Review of the Apple Beats Flex Wireless Bluetooth Earphones, by Kurt Liebezit, also known as PDX_Kurt in the live chat room.
This is a review of the Apple Beats Flex wireless Bluetooth earphones. As you might guess, I’m a fan of podcasts. For quite some time I’ve used an iPod Nano 6th Generation (the small square ones that clip on your clothing) as my main podcast player. However, there are problems: they only accept wired earphones, which frequently catch on bicycle handlebars and doorknobs.
They wear out and have to be replaced with chancy purchases off eBay. They are too limited in capacity for the many podcasts that I’d like to listen to while cycling or farming. Worst of all, when I listen to some podcasts on the little iPod Nano and some via my phone’s Bluetooth connection in my car, iTunes gets confused and starts marking episodes that I’ve listened to already as unheard.
For all these reasons, it made sense to consider switching all of my podcast listening over to my phone, and use wireless earphones. I know, welcome to 2016!
My decision to change over coincided with Apple’s release of the Beats Flex earphones last fall. The headline features of the Beats Flex that were attractive to me were the battery life, listed as 12 hours of listening time, and the expectation that they would be a seamless integration with Apple’s devices.
The Beats Flex have delivered on both counts: I haven’t actually run them down for 12 hours, but I have done several multi-hour listening sessions, and when I’ve checked the battery level afterwards it has always appeared consistent with that 12 hour specification. And they are seamless in use, much like AirPods, I suppose: pairing them to a phone is a breeze, the battery level is visible on my iPhone or iPad, they function as a talk and listen device on phone calls, and you can invoke Siri with a long button push.
Physically, the Beats Flex are of the necklace style: a cable connects the right and left earbuds, with two small in-line capsules that house the battery and the controls; these capsules sit on your shoulders, while the cable goes around the back of your neck. The right capsule has the charging port and the power button, which also has a tiny status LED built into it; the LED glows faintly white while the earphones are on and the battery charge is plentiful, turning first red and then pulsing red as the battery charge depletes down to the last half hour.
The charging port is USB-C, which is not that unusual; however, the cable supplied is a) very short and b) USB-C to USB-C. If you’re like me, and don’t have recent Apple charging equipment with a USB-C port, then you’ll have to buy a little USB-C female to USB-A male adapter.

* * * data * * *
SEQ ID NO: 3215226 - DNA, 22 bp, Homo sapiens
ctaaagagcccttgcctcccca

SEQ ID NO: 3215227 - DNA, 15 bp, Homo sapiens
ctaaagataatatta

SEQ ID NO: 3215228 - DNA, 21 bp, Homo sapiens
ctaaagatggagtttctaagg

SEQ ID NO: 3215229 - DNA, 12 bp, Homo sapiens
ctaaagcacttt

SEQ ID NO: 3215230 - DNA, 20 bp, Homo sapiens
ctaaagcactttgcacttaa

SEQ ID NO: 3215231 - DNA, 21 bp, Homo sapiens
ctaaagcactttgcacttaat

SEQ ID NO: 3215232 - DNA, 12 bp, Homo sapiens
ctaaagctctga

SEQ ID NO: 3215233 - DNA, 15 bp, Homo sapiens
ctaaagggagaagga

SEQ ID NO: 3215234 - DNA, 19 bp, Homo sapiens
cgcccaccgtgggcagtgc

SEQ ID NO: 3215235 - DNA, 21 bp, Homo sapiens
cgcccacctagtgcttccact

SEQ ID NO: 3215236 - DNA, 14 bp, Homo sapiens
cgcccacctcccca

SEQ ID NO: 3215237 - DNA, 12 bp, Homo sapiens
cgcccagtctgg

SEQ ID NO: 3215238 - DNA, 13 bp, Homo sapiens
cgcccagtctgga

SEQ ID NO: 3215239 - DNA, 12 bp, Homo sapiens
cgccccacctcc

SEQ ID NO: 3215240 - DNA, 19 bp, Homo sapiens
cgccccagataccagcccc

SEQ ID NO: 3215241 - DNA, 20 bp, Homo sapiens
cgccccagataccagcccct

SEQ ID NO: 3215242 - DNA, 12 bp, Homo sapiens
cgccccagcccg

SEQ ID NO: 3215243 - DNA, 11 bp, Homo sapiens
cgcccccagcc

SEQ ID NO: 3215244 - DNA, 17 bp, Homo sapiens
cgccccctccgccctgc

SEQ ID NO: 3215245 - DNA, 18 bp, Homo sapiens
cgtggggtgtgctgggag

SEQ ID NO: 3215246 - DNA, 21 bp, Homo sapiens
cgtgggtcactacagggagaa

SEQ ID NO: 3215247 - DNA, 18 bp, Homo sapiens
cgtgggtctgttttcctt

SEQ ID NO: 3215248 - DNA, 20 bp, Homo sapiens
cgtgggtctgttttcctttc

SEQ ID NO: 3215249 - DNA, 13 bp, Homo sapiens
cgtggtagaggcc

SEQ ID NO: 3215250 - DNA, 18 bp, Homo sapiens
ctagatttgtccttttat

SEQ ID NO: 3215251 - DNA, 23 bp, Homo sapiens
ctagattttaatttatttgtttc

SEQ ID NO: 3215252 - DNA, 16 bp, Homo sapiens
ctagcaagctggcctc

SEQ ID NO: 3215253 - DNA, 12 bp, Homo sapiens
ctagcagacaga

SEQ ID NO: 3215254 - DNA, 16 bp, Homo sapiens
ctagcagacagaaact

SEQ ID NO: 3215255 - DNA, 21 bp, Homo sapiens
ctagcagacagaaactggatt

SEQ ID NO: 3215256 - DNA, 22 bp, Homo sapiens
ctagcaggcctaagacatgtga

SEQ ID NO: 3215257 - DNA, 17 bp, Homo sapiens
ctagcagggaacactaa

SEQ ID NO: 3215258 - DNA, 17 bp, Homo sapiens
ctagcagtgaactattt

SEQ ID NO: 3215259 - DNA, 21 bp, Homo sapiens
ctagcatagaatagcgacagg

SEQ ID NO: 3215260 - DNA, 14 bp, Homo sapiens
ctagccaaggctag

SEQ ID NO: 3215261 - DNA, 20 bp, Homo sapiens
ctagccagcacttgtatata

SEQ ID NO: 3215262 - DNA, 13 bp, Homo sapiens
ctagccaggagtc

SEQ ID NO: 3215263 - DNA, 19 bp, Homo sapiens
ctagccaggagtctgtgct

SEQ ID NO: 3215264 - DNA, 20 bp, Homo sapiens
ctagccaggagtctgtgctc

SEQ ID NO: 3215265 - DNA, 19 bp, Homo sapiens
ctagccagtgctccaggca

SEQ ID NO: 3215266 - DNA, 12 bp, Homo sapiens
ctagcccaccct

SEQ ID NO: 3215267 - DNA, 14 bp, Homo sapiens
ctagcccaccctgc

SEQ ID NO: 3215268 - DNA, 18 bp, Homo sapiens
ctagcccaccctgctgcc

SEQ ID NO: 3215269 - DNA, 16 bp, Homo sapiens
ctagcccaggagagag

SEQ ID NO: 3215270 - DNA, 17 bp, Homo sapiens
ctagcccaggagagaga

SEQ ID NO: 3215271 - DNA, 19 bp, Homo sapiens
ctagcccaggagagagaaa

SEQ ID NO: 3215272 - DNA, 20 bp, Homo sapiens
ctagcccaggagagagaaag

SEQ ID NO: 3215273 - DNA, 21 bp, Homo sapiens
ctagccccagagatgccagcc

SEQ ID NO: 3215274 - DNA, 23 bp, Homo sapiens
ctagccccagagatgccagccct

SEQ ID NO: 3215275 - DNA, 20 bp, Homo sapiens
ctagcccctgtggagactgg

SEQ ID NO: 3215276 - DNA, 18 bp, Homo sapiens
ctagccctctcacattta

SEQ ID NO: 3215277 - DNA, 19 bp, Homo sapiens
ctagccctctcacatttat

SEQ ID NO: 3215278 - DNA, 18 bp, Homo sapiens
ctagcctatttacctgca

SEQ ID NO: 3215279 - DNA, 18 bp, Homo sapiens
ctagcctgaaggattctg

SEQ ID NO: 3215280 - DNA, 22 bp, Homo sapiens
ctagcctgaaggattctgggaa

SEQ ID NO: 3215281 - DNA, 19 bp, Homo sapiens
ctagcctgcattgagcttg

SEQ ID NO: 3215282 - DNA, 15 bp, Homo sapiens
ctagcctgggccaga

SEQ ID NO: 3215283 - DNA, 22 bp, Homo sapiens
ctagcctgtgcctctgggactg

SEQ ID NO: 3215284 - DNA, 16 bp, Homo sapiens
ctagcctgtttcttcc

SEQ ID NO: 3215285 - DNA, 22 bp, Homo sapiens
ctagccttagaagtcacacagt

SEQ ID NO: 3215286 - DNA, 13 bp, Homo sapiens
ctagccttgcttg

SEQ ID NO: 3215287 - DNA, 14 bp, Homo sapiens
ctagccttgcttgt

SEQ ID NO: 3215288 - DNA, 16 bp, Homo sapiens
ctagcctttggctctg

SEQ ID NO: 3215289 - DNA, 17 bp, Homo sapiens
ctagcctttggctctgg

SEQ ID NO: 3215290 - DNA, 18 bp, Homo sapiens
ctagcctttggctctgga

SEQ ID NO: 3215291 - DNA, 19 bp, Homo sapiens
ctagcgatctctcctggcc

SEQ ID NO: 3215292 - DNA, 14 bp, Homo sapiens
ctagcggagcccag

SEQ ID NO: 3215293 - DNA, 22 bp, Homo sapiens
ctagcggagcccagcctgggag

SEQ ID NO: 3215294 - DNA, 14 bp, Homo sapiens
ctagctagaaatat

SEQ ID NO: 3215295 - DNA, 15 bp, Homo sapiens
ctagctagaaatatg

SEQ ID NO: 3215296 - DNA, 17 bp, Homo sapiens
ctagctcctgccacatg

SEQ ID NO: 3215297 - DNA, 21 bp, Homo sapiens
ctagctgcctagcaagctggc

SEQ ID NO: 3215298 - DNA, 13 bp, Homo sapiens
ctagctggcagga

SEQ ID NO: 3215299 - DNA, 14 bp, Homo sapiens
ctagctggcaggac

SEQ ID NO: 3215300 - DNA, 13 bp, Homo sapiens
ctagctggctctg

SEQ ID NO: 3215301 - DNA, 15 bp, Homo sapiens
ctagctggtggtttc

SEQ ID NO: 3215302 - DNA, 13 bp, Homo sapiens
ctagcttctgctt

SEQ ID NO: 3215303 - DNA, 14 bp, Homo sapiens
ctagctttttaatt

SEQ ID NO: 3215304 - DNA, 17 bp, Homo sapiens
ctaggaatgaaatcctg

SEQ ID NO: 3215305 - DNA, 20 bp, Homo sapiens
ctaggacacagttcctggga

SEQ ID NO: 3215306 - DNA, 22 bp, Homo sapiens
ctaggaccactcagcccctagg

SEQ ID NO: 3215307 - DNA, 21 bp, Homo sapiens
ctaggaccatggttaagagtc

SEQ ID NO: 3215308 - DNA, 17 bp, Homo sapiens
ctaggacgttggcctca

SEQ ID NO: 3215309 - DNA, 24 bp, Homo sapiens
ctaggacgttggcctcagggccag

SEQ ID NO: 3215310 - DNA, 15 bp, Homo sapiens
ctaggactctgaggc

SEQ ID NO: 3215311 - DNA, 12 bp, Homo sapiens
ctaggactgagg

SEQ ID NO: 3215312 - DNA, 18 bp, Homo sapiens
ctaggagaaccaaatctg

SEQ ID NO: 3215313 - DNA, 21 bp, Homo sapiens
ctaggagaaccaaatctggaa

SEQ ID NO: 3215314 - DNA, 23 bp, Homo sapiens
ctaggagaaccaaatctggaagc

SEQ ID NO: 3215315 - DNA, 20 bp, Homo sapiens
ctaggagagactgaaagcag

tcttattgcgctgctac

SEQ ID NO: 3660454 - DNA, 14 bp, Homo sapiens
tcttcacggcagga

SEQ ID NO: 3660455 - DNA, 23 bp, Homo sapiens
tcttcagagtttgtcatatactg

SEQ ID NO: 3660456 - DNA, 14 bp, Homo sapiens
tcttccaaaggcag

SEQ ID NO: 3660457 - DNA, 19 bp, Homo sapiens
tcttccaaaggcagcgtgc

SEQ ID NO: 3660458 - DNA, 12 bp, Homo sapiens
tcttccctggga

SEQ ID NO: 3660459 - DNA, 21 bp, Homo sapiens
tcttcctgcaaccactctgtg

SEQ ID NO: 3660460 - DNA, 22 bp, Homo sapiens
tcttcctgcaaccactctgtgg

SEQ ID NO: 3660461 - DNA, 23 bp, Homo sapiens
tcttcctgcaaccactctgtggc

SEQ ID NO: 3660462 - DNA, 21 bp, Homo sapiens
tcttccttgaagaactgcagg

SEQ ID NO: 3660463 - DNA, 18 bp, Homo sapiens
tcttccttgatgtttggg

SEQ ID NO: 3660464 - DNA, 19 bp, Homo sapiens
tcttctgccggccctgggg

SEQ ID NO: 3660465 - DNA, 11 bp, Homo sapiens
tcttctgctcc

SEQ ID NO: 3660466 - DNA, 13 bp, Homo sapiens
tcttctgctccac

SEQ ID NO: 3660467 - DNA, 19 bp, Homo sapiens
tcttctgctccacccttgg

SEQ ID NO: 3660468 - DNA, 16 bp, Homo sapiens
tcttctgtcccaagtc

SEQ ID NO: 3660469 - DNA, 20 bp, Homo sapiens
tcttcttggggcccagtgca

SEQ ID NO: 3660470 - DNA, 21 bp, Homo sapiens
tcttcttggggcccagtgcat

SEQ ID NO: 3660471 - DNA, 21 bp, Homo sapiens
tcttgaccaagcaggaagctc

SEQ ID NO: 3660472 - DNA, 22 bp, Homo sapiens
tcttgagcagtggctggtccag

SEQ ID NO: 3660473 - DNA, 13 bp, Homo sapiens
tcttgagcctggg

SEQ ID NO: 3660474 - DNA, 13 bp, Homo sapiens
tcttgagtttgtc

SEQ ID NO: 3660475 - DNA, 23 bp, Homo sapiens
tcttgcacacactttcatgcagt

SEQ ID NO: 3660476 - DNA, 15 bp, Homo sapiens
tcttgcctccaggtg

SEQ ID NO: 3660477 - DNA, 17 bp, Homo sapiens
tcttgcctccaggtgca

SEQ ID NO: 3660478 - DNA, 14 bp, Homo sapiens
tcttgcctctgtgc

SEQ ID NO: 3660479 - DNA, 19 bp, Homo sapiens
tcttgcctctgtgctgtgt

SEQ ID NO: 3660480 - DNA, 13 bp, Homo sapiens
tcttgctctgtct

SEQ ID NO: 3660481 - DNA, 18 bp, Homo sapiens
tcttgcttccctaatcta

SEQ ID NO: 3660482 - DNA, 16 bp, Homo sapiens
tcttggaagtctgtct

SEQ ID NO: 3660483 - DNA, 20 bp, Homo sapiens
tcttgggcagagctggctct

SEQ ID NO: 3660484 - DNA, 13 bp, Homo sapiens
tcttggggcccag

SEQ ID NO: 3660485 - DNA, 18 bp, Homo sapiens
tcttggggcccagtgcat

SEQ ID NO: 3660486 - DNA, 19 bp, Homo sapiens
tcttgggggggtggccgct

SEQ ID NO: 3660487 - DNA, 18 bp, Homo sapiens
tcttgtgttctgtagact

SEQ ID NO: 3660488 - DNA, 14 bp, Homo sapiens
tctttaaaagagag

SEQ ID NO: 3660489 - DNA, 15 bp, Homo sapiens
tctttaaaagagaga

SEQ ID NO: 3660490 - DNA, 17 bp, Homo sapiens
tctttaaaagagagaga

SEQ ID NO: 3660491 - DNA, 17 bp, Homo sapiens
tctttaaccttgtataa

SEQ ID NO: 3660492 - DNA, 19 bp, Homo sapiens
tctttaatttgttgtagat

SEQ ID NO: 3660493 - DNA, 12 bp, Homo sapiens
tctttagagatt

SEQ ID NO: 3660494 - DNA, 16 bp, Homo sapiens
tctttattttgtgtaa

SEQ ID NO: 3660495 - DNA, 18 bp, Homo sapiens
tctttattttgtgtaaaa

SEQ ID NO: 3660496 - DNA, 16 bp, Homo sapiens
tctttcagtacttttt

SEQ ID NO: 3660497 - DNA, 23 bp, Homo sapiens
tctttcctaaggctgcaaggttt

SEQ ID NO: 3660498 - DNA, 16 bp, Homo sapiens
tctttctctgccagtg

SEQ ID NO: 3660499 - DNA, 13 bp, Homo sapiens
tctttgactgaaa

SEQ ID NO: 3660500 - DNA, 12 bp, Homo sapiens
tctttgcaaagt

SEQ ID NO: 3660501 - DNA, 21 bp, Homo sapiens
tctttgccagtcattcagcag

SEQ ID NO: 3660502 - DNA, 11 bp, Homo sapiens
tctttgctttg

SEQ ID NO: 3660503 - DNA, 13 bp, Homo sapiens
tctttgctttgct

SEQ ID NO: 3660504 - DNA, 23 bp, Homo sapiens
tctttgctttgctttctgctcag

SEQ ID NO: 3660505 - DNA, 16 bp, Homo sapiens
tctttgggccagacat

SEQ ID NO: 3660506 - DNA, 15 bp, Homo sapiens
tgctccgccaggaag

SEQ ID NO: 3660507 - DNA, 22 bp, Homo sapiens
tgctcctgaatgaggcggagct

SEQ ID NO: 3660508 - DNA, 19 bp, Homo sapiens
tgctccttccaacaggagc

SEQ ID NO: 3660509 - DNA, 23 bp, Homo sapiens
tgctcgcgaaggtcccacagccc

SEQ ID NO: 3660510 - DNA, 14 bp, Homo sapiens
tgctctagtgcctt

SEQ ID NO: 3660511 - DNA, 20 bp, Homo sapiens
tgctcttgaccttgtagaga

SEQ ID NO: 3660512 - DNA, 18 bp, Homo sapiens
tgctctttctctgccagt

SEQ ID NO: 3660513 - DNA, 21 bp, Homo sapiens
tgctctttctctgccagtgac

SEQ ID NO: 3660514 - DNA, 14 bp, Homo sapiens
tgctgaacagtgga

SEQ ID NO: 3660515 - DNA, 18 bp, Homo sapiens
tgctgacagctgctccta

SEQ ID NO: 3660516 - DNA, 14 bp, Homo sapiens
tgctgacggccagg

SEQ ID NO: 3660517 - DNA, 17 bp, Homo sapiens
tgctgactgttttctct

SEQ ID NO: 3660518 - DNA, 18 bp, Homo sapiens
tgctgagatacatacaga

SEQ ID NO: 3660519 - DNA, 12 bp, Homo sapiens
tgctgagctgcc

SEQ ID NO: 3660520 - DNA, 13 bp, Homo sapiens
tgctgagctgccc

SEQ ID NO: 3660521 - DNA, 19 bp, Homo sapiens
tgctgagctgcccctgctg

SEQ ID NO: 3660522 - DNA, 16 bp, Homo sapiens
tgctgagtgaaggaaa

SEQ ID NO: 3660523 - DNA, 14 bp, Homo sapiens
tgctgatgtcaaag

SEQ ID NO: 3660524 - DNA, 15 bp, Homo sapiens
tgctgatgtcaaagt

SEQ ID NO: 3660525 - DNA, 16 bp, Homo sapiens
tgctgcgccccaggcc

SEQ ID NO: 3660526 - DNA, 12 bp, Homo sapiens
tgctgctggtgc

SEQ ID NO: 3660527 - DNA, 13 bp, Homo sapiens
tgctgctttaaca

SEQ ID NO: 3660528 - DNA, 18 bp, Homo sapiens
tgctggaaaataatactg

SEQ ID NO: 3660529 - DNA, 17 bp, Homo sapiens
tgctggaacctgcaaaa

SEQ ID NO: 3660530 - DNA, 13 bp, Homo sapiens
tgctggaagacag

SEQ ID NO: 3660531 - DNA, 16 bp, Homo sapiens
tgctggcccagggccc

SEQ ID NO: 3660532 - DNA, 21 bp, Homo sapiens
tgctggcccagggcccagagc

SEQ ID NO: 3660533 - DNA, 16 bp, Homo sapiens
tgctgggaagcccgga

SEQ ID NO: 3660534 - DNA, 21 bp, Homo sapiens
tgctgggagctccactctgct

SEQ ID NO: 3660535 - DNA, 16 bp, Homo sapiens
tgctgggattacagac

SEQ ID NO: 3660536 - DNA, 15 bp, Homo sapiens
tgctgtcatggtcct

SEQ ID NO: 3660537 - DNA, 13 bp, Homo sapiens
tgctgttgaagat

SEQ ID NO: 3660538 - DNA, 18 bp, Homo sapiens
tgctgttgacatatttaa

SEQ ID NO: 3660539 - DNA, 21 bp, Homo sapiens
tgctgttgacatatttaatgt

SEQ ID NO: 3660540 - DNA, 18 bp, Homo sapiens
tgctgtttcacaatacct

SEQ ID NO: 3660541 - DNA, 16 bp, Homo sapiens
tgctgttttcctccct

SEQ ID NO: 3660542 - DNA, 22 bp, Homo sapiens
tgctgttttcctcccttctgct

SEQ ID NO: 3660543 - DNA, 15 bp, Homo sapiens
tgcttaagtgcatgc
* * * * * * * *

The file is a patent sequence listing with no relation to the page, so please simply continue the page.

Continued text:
The left side capsule has an up/down volume rocker button and a multi-purpose play/pause/Siri/phone control bump, as well as the microphone. The button sizes are distinct enough for me to discern them by touch, which is good, since you can’t see the capsules while wearing them on your body.
The earbuds incorporate a magnet in each, so they snap together around your neck when you’re not using them. This is more secure and less likely to lead to a tangled mess, which you might get if you simply jammed them into a pocket. If a phone call comes in while they’re snapped together, unsnapping them will answer the call; similarly, if you are listening to music or a podcast and snap them together, this will act like a pause command.
The cable that connects the earbuds and capsules is flat and a little stiff; this makes it resistant to snarls and tangles, but I’ve found that folding it into a loop that will fit in a little rectangular zippered case can be a bit tricky.
That is really all there is to say about features, so let’s talk about what are probably the two most important attributes for earphones: fit and sound quality. The earbuds are of the in-ear variety, which I usually have trouble keeping in my ears. I have a drawer full of various in-ear earbuds that I’ve tried and given up on. However, the Beats Flex earbuds are slightly angled, so that the back of the earbuds wedge against your ear a little, and to my surprise I’ve found that they work pretty well for me. Your mileage may vary.
As for sound quality, they are much better than my usual wired Apple earbuds: it feels like all the frequencies are present and accounted for, with nothing being overly emphasized. They have a decent sense of stereo separation and presence, and they don’t sound tinny or boomy. All of which is to say, they’re at least as good as anything else I’ve ever tried, and a good deal better than most.
Finally, let’s talk value. When they were released last fall the price was $55, and they were only available in two colors: yucky yellow, and “disappear into your backpack” black. I thought that even with those choices the Beats Flex were a good value. As I write this now the big retailer that starts with the letter ‘A’ is selling the Beats Flex for only $40 (price went back up to $50 after Kurt recorded), and in better colors like blue and grey to boot! So if you like the idea of AirPods, but want longer battery life, or are worried about losing small bits, or concerned about durability, I would say give the Beats Flex earphones a try!